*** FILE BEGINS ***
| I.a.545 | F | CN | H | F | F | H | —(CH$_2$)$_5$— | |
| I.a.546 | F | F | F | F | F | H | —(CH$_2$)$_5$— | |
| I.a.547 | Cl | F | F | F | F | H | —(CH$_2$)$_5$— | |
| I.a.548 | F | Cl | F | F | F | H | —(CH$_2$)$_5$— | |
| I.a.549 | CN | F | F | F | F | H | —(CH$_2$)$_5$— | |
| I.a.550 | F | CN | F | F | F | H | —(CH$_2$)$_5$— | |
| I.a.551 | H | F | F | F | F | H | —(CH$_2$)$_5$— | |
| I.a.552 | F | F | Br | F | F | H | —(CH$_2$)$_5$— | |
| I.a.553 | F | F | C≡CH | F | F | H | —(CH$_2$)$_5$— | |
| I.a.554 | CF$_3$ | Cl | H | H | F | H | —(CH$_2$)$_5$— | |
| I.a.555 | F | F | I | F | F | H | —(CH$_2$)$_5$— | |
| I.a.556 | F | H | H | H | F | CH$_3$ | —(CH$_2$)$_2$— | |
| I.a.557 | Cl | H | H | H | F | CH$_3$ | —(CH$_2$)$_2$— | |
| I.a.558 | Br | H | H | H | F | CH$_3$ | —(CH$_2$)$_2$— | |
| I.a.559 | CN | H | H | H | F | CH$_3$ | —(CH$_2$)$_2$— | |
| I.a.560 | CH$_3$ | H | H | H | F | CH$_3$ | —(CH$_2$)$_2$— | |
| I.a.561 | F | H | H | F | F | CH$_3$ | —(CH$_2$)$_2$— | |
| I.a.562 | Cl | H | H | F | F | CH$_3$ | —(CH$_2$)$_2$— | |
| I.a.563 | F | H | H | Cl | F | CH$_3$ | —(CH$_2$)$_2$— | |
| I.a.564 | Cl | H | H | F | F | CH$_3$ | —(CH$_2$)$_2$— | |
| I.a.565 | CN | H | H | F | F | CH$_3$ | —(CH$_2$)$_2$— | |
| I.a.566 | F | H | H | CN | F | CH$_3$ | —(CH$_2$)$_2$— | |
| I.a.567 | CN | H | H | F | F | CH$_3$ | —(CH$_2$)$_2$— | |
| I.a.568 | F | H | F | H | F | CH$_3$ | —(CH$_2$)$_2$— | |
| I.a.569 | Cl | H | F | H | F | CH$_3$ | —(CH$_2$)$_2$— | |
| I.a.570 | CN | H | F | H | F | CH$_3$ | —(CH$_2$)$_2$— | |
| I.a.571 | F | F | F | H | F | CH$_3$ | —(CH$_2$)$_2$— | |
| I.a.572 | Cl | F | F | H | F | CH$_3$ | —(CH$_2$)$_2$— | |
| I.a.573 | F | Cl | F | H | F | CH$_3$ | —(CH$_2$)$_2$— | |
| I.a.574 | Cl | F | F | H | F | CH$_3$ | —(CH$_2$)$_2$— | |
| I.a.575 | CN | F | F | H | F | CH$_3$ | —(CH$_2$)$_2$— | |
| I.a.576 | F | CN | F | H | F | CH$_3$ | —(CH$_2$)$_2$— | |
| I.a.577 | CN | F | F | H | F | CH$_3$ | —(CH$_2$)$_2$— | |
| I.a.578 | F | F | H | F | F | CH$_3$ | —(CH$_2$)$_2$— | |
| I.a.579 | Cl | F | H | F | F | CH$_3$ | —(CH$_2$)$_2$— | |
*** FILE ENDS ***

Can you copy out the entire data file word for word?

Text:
| I.a.545 | F | CN | H | F | F | H | —(CH$_2$)$_5$— | |
| I.a.546 | F | F | F | F | F | H | —(CH$_2$)$_5$— | |
| I.a.547 | Cl | F | F | F | F | H | —(CH$_2$)$_5$— | |
| I.a.548 | F | Cl | F | F | F | H | —(CH$_2$)$_5$— | |
| I.a.549 | CN | F | F | F | F | H | —(CH$_2$)$_5$— | |
| I.a.550 | F | CN | F | F | F | H | —(CH$_2$)$_5$— | |
| I.a.551 | H | F | F | F | F | H | —(CH$_2$)$_5$— | |
| I.a.552 | F | F | Br | F | F | H | —(CH$_2$)$_5$— | |
| I.a.553 | F | F | C≡CH | F | F | H | —(CH$_2$)$_5$— | |
| I.a.554 | CF$_3$ | Cl | H | H | F | H | —(CH$_2$)$_5$— | |
| I.a.555 | F | F | I | F | F | H | —(CH$_2$)$_5$— | |
| I.a.556 | F | H | H | H | F | CH$_3$ | —(CH$_2$)$_2$— | |
| I.a.557 | Cl | H | H | H | F | CH$_3$ | —(CH$_2$)$_2$— | |
| I.a.558 | Br | H | H | H | F | CH$_3$ | —(CH$_2$)$_2$— | |
| I.a.559 | CN | H | H | H | F | CH$_3$ | —(CH$_2$)$_2$— | |
| I.a.560 | CH$_3$ | H | H | H | F | CH$_3$ | —(CH$_2$)$_2$— | |
| I.a.561 | F | H | H | F | F | CH$_3$ | —(CH$_2$)$_2$— | |
| I.a.562 | Cl | H | H | F | F | CH$_3$ | —(CH$_2$)$_2$— | |
| I.a.563 | F | H | H | Cl | F | CH$_3$ | —(CH$_2$)$_2$— | |
| I.a.564 | Cl | H | H | F | F | CH$_3$ | —(CH$_2$)$_2$— | |
| I.a.565 | CN | H | H | F | F | CH$_3$ | —(CH$_2$)$_2$— | |
| I.a.566 | F | H | H | CN | F | CH$_3$ | —(CH$_2$)$_2$— | |
| I.a.567 | CN | H | H | F | F | CH$_3$ | —(CH$_2$)$_2$— | |
| I.a.568 | F | H | F | H | F | CH$_3$ | —(CH$_2$)$_2$— | |
| I.a.569 | Cl | H | F | H | F | CH$_3$ | —(CH$_2$)$_2$— | |
| I.a.570 | CN | H | F | H | F | CH$_3$ | —(CH$_2$)$_2$— | |
| I.a.571 | F | F | F | H | F | CH$_3$ | —(CH$_2$)$_2$— | |
| I.a.572 | Cl | F | F | H | F | CH$_3$ | —(CH$_2$)$_2$— | |
| I.a.573 | F | Cl | F | H | F | CH$_3$ | —(CH$_2$)$_2$— | |
| I.a.574 | Cl | F | F | H | F | CH$_3$ | —(CH$_2$)$_2$— | |
| I.a.575 | CN | F | F | H | F | CH$_3$ | —(CH$_2$)$_2$— | |
| I.a.576 | F | CN | F | H | F | CH$_3$ | —(CH$_2$)$_2$— | |
| I.a.577 | CN | F | F | H | F | CH$_3$ | —(CH$_2$)$_2$— | |
| I.a.578 | F | F | H | F | F | CH$_3$ | —(CH$_2$)$_2$— | |
| I.a.579 | Cl | F | H | F | F | CH$_3$ | —(CH$_2$)$_2$— | |